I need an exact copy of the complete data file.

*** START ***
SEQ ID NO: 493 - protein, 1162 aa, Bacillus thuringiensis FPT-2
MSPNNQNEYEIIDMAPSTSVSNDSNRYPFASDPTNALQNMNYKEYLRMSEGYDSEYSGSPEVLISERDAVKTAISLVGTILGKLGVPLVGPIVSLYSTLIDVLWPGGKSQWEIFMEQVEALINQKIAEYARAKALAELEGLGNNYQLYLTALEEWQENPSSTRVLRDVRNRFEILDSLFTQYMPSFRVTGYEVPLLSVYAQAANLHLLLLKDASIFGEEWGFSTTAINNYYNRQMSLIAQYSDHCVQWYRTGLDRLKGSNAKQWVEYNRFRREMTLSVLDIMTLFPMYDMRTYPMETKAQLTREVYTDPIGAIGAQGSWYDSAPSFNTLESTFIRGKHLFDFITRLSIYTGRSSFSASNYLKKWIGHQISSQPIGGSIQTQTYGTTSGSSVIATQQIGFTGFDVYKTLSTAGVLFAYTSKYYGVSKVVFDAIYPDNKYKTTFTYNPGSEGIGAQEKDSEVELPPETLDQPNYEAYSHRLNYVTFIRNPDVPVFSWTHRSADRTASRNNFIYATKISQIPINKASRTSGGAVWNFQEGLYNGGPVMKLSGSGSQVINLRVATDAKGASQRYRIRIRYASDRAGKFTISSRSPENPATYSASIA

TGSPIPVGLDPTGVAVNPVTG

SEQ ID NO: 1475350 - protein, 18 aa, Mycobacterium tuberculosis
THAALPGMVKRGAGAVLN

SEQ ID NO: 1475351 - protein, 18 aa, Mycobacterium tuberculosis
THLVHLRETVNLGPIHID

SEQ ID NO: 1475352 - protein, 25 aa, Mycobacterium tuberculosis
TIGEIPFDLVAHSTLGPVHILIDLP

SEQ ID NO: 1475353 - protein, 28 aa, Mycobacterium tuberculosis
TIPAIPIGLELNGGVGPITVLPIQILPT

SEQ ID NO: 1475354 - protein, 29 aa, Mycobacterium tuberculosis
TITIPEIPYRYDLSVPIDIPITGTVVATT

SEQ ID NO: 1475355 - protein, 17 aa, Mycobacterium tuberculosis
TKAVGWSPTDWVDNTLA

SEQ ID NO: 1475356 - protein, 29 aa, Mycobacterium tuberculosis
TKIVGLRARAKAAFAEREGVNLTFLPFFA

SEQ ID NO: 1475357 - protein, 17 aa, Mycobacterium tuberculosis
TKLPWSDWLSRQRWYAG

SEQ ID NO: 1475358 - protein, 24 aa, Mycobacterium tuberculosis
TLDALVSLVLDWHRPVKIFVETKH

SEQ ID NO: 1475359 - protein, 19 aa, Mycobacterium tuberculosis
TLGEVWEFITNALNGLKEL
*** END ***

SEQ ID NO: 493 - protein, 1162 aa, Bacillus thuringiensis FPT-2
MSPNNQNEYEIIDMAPSTSVSNDSNRYPFASDPTNALQNMNYKEYLRMSEGYDSEYSGSPEVLISERDAVKTAISLVGTILGKLGVPLVGPIVSLYSTLIDVLWPGGKSQWEIFMEQVEALINQKIAEYARAKALAELEGLGNNYQLYLTALEEWQENPSSTRVLRDVRNRFEILDSLFTQYMPSFRVTGYEVPLLSVYAQAANLHLLLLKDASIFGEEWGFSTTAINNYYNRQMSLIAQYSDHCVQWYRTGLDRLKGSNAKQWVEYNRFRREMTLSVLDIMTLFPMYDMRTYPMETKAQLTREVYTDPIGAIGAQGSWYDSAPSFNTLESTFIRGKHLFDFITRLSIYTGRSSFSASNYLKKWIGHQISSQPIGGSIQTQTYGTTSGSSVIATQQIGFTGFDVYKTLSTAGVLFAYTSKYYGVSKVVFDAIYPDNKYKTTFTYNPGSEGIGAQEKDSEVELPPETLDQPNYEAYSHRLNYVTFIRNPDVPVFSWTHRSADRTASRNNFIYATKISQIPINKASRTSGGAVWNFQEGLYNGGPVMKLSGSGSQVINLRVATDAKGASQRYRIRIRYASDRAGKFTISSRSPENPATYSASIA

TGSPIPVGLDPTGVAVNPVTG

SEQ ID NO: 1475350 - protein, 18 aa, Mycobacterium tuberculosis
THAALPGMVKRGAGAVLN

SEQ ID NO: 1475351 - protein, 18 aa, Mycobacterium tuberculosis
THLVHLRETVNLGPIHID

SEQ ID NO: 1475352 - protein, 25 aa, Mycobacterium tuberculosis
TIGEIPFDLVAHSTLGPVHILIDLP

SEQ ID NO: 1475353 - protein, 28 aa, Mycobacterium tuberculosis
TIPAIPIGLELNGGVGPITVLPIQILPT

SEQ ID NO: 1475354 - protein, 29 aa, Mycobacterium tuberculosis
TITIPEIPYRYDLSVPIDIPITGTVVATT

SEQ ID NO: 1475355 - protein, 17 aa, Mycobacterium tuberculosis
TKAVGWSPTDWVDNTLA

SEQ ID NO: 1475356 - protein, 29 aa, Mycobacterium tuberculosis
TKIVGLRARAKAAFAEREGVNLTFLPFFA

SEQ ID NO: 1475357 - protein, 17 aa, Mycobacterium tuberculosis
TKLPWSDWLSRQRWYAG

SEQ ID NO: 1475358 - protein, 24 aa, Mycobacterium tuberculosis
TLDALVSLVLDWHRPVKIFVETKH

SEQ ID NO: 1475359 - protein, 19 aa, Mycobacterium tuberculosis
TLGEVWEFITNALNGLKEL